A disappointing end
Kaiserslautern would see out the last few minutes of the game without incident to record a deserved 1-0 victory and make the perfect start to their season. Die roten Teufel have however since struggled for consistency as the season has progressed and currently sit in ninth place with two games remaining, the promotion places a lost cause. The club’s attention will no doubt now turn to a fresh push for promotion next season.
The only other Kaiserslautern game I have managed to attend was a 3-1 win away to local rivals Karlsruher SC at the ageing Wildparkstadion in the 2016/2017 season. That result, in the 2. Liga, coincidentally relegated Karlsruher to the 3. Liga and offered a temporary reprieve to a Kaiserslautern side that would ultimately suffer the same fate as their nearby neighbours the following season. Fast forward to this season and Karlsruher are one win away from securing promotion back to the 2. Liga. If Kaiserslautern are to emulate such a return to the second tier of German football at the second time of asking, their fans, coupled with a seemingly elusive level of consistency, will have an integral role to play.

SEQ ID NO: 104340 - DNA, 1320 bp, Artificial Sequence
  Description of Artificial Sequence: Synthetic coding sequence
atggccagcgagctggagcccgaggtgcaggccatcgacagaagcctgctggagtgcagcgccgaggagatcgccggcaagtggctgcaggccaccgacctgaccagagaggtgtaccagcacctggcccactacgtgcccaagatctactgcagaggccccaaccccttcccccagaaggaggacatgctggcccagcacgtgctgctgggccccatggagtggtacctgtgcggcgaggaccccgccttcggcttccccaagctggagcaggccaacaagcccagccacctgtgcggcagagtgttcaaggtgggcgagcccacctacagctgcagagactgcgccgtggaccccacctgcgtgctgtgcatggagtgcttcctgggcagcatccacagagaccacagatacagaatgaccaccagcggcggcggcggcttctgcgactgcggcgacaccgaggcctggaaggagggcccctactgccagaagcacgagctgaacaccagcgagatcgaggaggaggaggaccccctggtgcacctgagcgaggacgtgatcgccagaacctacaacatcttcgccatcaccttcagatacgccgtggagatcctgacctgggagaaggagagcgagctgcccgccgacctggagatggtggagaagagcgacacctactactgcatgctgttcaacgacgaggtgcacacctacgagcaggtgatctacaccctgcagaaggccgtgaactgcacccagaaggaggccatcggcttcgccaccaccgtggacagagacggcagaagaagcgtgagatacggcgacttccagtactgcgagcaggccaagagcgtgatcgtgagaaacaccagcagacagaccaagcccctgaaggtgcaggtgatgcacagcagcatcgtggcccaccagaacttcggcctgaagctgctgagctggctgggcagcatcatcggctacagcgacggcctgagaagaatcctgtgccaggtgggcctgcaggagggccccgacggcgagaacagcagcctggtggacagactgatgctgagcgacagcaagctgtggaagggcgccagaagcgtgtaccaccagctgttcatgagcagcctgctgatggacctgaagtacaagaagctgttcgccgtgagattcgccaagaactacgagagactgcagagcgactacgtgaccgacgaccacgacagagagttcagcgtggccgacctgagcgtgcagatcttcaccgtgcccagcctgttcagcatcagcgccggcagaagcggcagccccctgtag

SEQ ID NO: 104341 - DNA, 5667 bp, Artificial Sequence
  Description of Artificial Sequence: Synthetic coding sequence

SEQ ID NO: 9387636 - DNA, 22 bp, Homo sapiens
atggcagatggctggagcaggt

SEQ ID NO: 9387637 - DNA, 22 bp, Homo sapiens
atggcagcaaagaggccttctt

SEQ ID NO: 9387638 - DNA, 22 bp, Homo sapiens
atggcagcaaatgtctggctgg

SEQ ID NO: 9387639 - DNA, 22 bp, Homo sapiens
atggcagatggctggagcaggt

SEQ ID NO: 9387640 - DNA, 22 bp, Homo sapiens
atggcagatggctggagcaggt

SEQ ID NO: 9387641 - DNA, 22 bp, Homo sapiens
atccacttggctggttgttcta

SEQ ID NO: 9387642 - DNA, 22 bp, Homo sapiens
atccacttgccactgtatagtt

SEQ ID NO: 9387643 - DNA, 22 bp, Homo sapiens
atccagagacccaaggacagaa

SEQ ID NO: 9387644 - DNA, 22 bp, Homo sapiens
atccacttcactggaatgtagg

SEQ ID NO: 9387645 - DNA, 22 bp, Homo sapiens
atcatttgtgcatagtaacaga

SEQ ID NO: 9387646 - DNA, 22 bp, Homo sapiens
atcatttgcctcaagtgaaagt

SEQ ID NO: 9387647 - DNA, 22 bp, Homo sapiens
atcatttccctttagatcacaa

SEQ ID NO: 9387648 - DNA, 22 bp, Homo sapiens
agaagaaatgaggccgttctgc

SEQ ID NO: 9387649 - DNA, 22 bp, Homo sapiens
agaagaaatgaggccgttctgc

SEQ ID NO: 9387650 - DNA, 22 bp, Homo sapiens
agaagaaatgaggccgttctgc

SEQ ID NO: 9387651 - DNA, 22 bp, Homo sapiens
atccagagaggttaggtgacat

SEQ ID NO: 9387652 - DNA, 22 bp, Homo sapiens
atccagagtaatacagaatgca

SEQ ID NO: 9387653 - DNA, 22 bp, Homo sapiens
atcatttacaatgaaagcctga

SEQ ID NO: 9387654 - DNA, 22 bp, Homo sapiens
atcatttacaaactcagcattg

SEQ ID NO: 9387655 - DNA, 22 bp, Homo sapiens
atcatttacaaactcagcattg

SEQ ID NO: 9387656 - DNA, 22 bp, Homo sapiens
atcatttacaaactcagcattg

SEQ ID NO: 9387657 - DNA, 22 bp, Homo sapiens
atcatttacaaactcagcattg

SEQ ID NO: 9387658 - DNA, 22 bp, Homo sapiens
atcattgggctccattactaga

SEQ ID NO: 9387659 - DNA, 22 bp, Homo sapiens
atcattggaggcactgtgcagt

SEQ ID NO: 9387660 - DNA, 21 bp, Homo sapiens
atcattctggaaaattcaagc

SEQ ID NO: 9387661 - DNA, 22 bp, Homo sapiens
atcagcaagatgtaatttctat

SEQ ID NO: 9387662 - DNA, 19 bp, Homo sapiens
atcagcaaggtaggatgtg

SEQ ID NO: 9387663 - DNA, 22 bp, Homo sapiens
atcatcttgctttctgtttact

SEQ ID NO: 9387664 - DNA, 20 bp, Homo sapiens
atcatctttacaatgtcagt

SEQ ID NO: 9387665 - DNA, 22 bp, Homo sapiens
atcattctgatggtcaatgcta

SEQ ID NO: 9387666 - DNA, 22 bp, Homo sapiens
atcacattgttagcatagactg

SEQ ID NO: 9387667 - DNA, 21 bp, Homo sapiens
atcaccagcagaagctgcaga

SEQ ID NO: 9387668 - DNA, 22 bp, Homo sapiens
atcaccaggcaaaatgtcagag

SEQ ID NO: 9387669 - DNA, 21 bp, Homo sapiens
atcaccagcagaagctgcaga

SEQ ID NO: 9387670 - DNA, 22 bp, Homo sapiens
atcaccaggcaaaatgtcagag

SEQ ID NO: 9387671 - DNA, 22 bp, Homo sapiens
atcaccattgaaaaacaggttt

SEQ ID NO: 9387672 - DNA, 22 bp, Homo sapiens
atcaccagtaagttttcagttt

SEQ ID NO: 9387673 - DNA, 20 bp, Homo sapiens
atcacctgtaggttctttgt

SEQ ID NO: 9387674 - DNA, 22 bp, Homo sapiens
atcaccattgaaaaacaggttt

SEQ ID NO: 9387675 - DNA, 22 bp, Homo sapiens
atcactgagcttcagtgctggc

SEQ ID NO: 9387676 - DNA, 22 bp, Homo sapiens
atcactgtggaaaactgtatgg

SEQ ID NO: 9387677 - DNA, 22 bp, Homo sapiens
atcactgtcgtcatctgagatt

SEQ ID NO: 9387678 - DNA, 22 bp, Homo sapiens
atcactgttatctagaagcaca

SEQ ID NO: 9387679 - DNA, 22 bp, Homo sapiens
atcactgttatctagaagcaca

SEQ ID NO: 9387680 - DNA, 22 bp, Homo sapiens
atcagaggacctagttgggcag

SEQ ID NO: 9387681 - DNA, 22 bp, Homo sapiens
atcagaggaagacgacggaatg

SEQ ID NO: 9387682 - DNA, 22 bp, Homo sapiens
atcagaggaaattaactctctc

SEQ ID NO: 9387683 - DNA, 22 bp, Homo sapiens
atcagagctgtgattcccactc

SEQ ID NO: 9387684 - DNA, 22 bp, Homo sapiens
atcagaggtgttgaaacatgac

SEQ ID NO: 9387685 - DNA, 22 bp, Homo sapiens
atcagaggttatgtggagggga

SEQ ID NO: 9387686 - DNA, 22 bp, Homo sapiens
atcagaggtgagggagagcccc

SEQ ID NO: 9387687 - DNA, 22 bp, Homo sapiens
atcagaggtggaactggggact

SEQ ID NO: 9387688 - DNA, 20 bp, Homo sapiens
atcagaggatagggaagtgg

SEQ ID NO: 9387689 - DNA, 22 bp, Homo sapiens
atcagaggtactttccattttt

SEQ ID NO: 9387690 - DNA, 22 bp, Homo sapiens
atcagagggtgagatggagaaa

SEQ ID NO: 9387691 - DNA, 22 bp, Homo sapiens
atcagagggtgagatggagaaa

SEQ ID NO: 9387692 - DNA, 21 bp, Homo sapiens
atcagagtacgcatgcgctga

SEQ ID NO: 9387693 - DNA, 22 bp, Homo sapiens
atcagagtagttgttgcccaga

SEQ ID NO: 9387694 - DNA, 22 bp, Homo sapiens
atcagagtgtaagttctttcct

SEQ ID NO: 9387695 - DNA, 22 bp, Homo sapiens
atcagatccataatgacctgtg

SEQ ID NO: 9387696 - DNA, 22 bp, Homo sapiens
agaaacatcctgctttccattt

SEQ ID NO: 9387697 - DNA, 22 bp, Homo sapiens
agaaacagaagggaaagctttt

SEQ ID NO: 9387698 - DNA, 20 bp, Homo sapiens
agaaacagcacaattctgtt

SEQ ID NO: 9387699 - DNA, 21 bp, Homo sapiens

An unlikely friendship
As a Kilmarnock fan, I will of course always have a soft spot for 1. FC Kaiserslautern. The affinity that fans of both clubs have for each other can be traced back to 1999, when the two clubs faced each other in a UEFA Cup tie. A Youri Djorkaeff-inspired Kaiserslautern side won comfortably on aggregate over two legs. While that defeat may have spelled the end of Kilmarnock’s European adventure that particular year, it did however pave the way for the beginning of an unlikely friendship that has blossomed ever since with fans continuing to visit each other regularly. Perhaps in years to come, Kilmarnock fans making the journey to south-west Germany will be seeing our friends take on the likes of Bayern Munich once again.